Beyond the Nest's Review of Geva's Sex with Strangers
by Carol White Llewellyn
Racy!” the woman behind me whispered as clothing was sensually being peeled off onstage in Geva Theatre Center's production of Sex with Strangers. This drama, with its generous dollop of humor and tasteful steaminess, directed by Rachel Lampert and presented in partnership with the Kitchen Theatre Company in Ithaca, NY.
As the scene opens on a homey cabin, we find 39-year-old Olivia, portrayed by LeeAnne Hutchison, curled up on the sofa in the middle of a snowstorm, working on her novel. Enter from blizzard, Darian Dauchan as Ethan, a 20-something blogger who has made his reputation writing about his weekly exploits and one-night stands. Upon first encounter, the two appear to be diametric opposites. Olivia comes across as a smart, inflexible academic with high-minded literary standards and fragile self-esteem. Ethan, in contrast is fast-talking, tech-savvy and wields his words, body and salacious reputation like a gun-slinger.
Soon, amid disputes over the relevance of their respective works and the future of literature, sparks of sexual tension fly between Olivia and Ethan.
The thing about having sex with a stranger is that you never need to reveal your true self. The persona you have created – in real life or online – remains intact. Ethan has built his popularity and public image on that. But once a one night stand becomes more, and the desire to be seen as multi-dimensional arises, the lines between fallacy and fact blur, Therein lies the intriguing consequences.
This play is ripe with ambiguity. It demands that we ask ourselves how certain one can ever be about another’s personality, motive, or loyalty. From the moment their clothing starts peeling off, so do the layers of veneer each character wears as a disguise. As Olivia and Ethan emerge from the bedroom after their first tryst, we see that both of their personalities have changed…. Or have they? Are we seeing a new facet of each individual, or is this simply a new mask, designed to enrapture?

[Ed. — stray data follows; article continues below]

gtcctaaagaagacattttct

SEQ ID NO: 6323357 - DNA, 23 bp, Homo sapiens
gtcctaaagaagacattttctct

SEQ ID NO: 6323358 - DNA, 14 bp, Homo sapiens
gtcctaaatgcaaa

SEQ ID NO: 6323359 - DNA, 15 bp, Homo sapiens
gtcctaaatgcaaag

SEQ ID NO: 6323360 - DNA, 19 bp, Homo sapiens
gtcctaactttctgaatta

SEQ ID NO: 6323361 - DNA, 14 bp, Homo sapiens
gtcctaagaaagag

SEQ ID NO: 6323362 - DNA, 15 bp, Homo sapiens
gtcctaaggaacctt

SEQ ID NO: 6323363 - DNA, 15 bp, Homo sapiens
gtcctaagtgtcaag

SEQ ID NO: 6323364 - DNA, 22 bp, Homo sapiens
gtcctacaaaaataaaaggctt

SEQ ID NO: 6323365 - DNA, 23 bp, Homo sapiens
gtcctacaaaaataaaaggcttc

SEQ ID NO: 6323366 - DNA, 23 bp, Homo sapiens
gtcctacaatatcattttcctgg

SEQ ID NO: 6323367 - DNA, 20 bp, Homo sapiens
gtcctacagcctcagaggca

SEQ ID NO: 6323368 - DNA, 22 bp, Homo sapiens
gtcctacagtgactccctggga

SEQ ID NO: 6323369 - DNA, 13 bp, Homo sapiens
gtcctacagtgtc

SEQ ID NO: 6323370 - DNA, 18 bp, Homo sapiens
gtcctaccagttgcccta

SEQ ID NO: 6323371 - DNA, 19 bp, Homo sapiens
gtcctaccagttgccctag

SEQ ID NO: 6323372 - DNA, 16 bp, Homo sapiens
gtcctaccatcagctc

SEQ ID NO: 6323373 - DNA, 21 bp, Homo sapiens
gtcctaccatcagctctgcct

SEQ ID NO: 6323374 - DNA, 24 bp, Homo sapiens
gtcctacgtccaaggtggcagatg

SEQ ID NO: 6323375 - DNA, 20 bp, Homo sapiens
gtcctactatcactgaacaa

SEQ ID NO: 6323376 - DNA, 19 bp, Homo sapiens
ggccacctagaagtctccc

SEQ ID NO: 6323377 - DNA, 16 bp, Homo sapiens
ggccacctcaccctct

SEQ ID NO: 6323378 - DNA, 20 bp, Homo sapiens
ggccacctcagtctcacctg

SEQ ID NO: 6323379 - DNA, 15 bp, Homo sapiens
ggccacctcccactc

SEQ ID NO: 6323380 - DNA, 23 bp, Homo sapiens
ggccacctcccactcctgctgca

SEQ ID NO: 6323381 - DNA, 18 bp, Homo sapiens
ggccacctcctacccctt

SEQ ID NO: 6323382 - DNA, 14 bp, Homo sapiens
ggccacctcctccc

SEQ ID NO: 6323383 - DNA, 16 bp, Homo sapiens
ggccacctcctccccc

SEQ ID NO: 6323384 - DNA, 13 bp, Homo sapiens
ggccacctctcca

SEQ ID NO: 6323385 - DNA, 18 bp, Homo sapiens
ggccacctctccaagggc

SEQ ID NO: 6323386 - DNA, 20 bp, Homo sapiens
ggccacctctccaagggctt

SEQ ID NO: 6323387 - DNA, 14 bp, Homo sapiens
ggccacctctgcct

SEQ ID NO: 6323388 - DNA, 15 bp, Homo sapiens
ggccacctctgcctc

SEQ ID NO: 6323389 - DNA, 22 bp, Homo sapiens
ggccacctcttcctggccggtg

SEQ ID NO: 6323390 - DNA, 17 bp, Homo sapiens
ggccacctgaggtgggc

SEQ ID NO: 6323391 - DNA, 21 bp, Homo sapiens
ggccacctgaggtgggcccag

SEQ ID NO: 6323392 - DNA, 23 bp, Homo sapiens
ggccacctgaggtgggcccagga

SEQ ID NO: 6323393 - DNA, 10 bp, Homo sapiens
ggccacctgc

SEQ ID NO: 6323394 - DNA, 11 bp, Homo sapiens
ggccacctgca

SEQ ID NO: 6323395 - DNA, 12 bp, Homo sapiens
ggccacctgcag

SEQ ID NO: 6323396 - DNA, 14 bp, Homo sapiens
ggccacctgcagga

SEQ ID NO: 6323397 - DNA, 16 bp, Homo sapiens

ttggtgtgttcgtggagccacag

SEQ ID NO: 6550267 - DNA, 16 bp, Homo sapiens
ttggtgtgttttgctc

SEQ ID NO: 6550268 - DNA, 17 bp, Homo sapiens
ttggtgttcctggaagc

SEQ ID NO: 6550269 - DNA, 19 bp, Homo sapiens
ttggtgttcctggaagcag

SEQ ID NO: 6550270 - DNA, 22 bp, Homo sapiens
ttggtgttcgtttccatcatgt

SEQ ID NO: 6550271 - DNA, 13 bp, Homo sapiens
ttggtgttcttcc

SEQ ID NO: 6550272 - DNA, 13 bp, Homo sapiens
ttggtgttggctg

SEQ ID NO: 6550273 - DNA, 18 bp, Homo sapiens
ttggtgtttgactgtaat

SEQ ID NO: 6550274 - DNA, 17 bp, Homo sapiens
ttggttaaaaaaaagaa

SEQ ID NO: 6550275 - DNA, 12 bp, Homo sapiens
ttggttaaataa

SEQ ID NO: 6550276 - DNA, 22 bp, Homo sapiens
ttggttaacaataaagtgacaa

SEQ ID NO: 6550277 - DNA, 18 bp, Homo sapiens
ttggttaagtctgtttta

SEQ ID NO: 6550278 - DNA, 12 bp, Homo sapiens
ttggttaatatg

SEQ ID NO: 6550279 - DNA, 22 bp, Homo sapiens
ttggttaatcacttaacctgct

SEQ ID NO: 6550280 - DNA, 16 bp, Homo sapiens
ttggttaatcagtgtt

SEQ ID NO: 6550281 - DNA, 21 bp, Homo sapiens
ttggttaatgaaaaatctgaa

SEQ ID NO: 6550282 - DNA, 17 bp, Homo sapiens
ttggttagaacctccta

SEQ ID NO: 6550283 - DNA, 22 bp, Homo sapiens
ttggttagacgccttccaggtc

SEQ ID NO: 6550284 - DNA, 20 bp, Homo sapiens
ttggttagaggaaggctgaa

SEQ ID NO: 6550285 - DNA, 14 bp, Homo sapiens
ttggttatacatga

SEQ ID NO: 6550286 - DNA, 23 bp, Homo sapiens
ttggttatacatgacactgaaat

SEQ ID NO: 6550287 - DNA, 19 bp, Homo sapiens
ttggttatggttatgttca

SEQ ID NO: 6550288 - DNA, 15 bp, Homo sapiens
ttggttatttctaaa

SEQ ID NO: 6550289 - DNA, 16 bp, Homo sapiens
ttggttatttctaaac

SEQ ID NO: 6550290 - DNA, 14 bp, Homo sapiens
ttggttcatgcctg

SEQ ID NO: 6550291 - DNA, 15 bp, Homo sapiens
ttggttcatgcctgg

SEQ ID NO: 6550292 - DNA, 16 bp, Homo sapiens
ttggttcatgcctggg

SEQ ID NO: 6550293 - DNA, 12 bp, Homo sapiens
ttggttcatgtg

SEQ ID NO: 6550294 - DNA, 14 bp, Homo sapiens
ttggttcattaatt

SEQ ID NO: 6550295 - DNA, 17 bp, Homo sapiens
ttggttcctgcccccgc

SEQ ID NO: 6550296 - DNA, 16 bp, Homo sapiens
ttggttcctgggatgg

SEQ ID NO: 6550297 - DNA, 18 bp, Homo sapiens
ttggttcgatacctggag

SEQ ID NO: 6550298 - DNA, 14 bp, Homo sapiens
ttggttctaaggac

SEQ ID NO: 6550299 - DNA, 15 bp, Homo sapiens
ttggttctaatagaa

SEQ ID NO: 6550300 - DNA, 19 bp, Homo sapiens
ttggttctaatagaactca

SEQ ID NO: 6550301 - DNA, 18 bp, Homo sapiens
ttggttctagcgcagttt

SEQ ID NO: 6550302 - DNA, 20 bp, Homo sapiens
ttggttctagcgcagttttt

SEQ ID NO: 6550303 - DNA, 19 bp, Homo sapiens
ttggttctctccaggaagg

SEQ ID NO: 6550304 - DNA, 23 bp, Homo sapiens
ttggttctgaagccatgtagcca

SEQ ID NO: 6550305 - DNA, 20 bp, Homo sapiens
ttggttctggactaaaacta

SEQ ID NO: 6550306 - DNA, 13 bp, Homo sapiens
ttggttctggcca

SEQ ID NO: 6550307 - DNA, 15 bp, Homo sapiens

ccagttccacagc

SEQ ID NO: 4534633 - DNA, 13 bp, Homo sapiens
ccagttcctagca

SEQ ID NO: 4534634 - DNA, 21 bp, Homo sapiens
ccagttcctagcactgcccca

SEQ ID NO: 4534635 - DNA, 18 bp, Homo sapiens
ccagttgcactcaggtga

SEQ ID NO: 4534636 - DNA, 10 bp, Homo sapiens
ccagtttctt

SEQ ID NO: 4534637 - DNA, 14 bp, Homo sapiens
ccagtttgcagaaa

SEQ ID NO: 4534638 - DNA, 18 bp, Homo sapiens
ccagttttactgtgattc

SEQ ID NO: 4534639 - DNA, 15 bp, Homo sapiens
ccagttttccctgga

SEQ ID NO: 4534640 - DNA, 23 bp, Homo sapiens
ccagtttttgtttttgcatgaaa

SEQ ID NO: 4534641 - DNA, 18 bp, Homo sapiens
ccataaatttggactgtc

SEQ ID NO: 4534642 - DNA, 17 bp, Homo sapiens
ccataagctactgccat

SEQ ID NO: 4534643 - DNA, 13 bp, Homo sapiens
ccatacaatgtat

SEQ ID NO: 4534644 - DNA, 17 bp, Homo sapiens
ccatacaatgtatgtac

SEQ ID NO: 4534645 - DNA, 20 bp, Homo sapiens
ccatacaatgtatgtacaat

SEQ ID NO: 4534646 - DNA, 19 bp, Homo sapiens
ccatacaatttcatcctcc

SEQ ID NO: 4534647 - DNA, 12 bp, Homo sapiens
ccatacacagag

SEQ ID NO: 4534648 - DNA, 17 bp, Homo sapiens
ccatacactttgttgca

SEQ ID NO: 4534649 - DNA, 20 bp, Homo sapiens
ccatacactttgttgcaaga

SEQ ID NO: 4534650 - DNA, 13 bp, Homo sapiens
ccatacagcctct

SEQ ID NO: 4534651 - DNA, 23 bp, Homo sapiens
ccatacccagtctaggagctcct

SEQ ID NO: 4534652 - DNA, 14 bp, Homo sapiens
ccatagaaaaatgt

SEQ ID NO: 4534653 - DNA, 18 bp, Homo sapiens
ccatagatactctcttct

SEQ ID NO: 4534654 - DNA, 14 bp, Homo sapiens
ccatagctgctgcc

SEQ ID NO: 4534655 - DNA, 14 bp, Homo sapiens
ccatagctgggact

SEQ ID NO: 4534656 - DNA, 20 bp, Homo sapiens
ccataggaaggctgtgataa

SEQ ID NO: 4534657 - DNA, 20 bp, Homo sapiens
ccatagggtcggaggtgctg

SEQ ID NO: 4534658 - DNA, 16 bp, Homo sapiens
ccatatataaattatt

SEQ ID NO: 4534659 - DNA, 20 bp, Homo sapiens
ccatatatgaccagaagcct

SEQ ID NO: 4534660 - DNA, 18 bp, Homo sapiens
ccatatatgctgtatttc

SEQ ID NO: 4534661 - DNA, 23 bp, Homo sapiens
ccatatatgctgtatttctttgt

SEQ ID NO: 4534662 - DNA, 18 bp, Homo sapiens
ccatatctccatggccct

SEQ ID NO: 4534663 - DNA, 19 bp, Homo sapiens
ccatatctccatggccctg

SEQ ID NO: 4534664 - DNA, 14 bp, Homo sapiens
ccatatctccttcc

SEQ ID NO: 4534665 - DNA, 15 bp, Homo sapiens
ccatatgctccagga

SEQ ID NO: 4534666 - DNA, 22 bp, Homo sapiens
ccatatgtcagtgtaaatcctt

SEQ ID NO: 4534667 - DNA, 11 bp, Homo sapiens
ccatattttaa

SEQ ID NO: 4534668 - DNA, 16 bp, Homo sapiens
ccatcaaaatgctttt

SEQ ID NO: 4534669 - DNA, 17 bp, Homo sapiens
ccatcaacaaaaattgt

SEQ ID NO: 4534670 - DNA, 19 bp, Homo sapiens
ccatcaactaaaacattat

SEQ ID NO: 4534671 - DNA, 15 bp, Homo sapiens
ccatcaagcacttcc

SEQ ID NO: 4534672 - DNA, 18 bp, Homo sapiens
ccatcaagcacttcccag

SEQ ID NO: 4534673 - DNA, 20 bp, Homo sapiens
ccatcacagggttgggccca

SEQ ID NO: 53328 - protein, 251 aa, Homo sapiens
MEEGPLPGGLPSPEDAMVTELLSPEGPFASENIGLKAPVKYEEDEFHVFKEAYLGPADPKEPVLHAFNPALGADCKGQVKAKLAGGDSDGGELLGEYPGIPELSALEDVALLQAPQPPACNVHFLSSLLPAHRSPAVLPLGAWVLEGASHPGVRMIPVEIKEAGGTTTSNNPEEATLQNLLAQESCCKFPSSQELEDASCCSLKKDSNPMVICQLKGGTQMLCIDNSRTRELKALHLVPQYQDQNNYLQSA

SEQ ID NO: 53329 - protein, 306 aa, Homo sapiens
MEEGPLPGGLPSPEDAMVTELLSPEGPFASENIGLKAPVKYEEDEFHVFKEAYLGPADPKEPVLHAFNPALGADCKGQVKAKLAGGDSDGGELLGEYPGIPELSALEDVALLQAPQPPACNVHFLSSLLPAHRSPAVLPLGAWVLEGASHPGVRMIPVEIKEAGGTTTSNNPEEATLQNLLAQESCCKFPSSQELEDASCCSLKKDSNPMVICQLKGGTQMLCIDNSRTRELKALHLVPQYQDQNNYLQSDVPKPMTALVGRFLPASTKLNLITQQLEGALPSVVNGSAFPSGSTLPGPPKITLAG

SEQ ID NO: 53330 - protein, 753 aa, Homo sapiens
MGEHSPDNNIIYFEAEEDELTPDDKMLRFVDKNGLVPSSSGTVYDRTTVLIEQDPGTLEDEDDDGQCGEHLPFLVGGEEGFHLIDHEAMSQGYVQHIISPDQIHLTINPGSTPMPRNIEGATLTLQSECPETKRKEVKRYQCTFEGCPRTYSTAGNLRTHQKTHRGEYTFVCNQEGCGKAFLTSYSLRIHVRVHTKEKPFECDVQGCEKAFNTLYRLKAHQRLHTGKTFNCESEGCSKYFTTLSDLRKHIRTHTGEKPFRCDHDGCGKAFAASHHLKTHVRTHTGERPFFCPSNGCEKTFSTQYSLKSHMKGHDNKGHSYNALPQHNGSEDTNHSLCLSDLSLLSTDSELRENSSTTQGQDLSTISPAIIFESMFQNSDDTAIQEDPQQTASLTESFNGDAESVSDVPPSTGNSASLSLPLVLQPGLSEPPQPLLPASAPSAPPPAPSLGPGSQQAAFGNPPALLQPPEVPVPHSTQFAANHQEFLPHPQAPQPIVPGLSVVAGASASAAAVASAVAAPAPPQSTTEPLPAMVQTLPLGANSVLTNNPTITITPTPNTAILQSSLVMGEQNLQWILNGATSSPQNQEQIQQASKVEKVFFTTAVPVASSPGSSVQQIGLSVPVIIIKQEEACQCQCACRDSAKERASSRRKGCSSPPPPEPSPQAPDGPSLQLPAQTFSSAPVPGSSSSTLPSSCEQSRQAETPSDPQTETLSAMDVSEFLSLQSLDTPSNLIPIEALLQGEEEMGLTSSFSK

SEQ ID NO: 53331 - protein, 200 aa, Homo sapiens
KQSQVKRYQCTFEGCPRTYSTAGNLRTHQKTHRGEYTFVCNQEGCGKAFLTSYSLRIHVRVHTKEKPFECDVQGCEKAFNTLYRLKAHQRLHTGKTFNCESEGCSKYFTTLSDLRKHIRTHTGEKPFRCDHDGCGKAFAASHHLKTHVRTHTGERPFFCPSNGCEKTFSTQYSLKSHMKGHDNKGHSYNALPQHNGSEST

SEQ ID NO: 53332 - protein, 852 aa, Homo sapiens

Throughout the play, phones, computers and electronics become an increasingly intrusive force. The very tools we think of as friendly instruments of communication also turn out to be tools of betrayal, equally adept at camouflaging our true identity, as they are at stripping away our disguise.
That need to conceal the secrets of who we really are explains how these two strangers can share the intimacy of sex, but be terrified to share the intimacy of their writing.
Ms. Hutchison and Mr. Dauchan breathe fire and ice into two complex characters created by playwright Laura Eason. As each peels back another layer of personality, they brilliantly convey the ambiguity within. We’re not quite sure whether to admire or dislike them, to trust or doubt their word, whether the character we’re seeing is genuine or fraud Even the ending leaves a delicious and tantalizing taste of steamy, unfinished tryst.
Carol White Llewellyn is editor of BeyondTheNest.com.
Photo: of LeeAnne Hutchison & Darian Dauchan in Sex With Strangers. Photo by Dave Burbank.